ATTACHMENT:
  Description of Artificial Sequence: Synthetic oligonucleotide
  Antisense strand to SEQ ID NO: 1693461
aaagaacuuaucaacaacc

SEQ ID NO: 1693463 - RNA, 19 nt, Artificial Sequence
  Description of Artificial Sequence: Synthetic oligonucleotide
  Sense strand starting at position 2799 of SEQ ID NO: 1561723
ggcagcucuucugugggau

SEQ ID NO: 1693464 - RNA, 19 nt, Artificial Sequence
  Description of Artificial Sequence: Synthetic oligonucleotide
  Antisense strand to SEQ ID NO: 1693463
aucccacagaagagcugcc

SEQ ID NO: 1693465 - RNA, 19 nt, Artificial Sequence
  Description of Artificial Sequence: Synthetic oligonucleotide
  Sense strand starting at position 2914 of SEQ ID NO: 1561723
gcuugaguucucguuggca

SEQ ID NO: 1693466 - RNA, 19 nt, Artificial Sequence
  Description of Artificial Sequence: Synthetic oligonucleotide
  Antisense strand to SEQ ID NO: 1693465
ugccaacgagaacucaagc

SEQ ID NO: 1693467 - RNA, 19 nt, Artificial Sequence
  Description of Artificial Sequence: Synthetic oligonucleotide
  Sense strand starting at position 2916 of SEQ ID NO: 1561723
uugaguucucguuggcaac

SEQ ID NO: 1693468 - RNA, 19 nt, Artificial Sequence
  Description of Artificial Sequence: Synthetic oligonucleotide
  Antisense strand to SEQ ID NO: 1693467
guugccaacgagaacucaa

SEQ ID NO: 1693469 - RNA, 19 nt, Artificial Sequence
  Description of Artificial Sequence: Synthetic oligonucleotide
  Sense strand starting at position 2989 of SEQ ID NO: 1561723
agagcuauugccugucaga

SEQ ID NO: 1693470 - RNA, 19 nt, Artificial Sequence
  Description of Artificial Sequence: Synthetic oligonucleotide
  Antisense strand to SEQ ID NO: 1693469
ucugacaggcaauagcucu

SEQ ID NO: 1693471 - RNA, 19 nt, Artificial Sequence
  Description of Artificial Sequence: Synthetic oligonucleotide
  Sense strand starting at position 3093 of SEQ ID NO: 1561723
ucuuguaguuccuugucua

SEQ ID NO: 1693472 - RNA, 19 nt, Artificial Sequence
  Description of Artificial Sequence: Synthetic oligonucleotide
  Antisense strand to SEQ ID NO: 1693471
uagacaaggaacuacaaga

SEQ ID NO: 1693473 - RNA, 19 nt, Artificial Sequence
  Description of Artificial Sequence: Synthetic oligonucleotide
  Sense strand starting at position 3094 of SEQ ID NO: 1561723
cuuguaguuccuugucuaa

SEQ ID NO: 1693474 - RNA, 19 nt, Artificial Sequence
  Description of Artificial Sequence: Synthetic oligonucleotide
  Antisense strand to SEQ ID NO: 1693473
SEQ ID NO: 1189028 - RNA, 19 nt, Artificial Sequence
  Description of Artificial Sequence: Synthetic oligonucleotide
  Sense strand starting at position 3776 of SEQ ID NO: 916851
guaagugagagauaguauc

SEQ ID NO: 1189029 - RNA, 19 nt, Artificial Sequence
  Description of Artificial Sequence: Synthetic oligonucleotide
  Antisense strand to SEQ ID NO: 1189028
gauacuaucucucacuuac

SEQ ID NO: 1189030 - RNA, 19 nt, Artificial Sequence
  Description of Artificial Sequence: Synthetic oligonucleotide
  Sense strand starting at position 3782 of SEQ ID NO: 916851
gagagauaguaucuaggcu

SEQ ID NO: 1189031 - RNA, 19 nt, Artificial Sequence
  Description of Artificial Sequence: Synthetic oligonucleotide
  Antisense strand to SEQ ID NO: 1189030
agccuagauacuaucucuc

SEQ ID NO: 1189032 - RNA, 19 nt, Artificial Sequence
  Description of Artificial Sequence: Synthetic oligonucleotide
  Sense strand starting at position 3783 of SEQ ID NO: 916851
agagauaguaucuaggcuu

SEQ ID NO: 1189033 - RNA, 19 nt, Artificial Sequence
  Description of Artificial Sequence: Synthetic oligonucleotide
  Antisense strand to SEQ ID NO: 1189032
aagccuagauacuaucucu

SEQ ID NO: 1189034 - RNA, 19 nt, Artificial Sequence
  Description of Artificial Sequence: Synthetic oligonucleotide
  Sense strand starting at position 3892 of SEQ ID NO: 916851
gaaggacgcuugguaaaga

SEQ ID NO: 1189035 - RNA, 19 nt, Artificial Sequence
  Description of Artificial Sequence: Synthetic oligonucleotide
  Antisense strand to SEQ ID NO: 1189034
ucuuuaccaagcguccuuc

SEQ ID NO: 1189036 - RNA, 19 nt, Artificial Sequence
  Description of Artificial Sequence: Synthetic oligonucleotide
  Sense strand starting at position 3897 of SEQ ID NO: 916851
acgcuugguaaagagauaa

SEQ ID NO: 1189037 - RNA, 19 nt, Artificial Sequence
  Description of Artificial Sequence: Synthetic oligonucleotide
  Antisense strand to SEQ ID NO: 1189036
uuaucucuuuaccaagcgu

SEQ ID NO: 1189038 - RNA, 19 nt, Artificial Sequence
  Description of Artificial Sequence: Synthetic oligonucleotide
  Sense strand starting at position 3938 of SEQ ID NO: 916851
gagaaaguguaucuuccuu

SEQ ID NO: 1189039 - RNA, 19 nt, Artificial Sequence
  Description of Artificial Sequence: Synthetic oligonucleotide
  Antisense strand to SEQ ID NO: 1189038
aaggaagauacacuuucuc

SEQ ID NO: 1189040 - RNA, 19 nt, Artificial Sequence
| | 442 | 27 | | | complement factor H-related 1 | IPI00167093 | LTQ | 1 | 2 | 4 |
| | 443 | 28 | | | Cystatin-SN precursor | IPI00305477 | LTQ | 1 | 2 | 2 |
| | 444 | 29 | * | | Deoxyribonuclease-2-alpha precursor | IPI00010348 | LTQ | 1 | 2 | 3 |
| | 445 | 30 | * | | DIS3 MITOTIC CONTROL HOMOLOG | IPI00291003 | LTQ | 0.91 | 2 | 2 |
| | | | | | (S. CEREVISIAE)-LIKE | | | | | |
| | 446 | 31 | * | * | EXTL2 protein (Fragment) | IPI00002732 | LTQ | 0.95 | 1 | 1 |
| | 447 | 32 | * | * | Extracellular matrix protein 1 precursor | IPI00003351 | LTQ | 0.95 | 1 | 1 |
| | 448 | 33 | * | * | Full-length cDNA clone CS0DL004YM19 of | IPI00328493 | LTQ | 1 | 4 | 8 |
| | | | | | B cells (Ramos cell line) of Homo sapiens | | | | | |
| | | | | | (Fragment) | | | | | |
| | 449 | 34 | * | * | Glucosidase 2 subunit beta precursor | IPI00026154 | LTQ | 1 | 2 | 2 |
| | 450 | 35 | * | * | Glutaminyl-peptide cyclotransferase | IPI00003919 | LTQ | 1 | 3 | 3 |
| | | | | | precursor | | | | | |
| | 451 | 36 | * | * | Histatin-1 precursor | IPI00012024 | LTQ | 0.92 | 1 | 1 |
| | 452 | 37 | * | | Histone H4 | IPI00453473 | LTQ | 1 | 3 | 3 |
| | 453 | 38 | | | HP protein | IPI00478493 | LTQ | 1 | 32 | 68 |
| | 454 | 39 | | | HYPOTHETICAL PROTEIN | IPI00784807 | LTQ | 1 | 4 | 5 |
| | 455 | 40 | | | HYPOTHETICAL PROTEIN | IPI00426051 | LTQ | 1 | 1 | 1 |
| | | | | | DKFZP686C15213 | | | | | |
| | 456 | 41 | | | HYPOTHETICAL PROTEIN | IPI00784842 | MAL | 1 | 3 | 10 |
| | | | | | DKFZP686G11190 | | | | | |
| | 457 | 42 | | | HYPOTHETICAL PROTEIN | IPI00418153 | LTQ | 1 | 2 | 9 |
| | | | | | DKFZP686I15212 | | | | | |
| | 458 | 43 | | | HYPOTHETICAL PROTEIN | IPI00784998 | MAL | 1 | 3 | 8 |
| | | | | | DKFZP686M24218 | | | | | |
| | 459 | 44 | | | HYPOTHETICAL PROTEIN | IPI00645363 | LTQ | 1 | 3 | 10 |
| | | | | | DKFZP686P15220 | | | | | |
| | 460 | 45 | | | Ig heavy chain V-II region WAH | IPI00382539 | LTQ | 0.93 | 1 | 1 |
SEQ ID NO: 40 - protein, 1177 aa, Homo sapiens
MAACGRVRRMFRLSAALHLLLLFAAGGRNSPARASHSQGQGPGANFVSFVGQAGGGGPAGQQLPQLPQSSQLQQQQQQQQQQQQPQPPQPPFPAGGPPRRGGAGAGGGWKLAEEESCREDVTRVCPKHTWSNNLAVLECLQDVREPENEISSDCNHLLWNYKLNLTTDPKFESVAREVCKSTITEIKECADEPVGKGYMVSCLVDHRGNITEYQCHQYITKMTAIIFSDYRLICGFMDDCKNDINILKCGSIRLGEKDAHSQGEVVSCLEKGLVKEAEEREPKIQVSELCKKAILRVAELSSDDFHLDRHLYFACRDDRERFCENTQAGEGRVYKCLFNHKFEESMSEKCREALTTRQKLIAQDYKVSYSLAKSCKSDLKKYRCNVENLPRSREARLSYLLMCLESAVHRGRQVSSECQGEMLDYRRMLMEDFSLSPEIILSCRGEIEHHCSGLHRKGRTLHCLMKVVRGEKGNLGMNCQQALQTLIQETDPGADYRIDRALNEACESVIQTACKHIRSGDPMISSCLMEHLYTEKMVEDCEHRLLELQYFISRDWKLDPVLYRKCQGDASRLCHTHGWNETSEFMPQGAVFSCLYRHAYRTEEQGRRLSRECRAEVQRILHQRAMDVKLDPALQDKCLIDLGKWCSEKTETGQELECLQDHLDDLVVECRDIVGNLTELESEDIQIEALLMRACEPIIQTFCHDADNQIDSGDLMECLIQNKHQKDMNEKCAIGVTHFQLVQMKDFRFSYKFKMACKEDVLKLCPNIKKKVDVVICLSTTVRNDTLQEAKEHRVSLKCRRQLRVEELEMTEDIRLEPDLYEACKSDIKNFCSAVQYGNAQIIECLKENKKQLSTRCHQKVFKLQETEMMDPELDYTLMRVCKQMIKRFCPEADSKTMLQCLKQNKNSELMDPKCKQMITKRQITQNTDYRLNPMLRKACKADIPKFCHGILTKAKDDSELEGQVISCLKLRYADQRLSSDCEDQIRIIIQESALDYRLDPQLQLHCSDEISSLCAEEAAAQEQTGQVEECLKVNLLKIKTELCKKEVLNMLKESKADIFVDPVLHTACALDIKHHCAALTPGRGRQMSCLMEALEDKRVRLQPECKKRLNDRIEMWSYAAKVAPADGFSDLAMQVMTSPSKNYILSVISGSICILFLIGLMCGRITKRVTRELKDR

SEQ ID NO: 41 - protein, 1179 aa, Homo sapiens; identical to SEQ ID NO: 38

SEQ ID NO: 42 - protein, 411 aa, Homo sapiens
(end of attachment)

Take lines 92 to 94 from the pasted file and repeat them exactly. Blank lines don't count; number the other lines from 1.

  Description of Artificial Sequence: Synthetic oligonucleotide
  Sense strand starting at position 3938 of SEQ ID NO: 916851
gagaaaguguaucuuccuu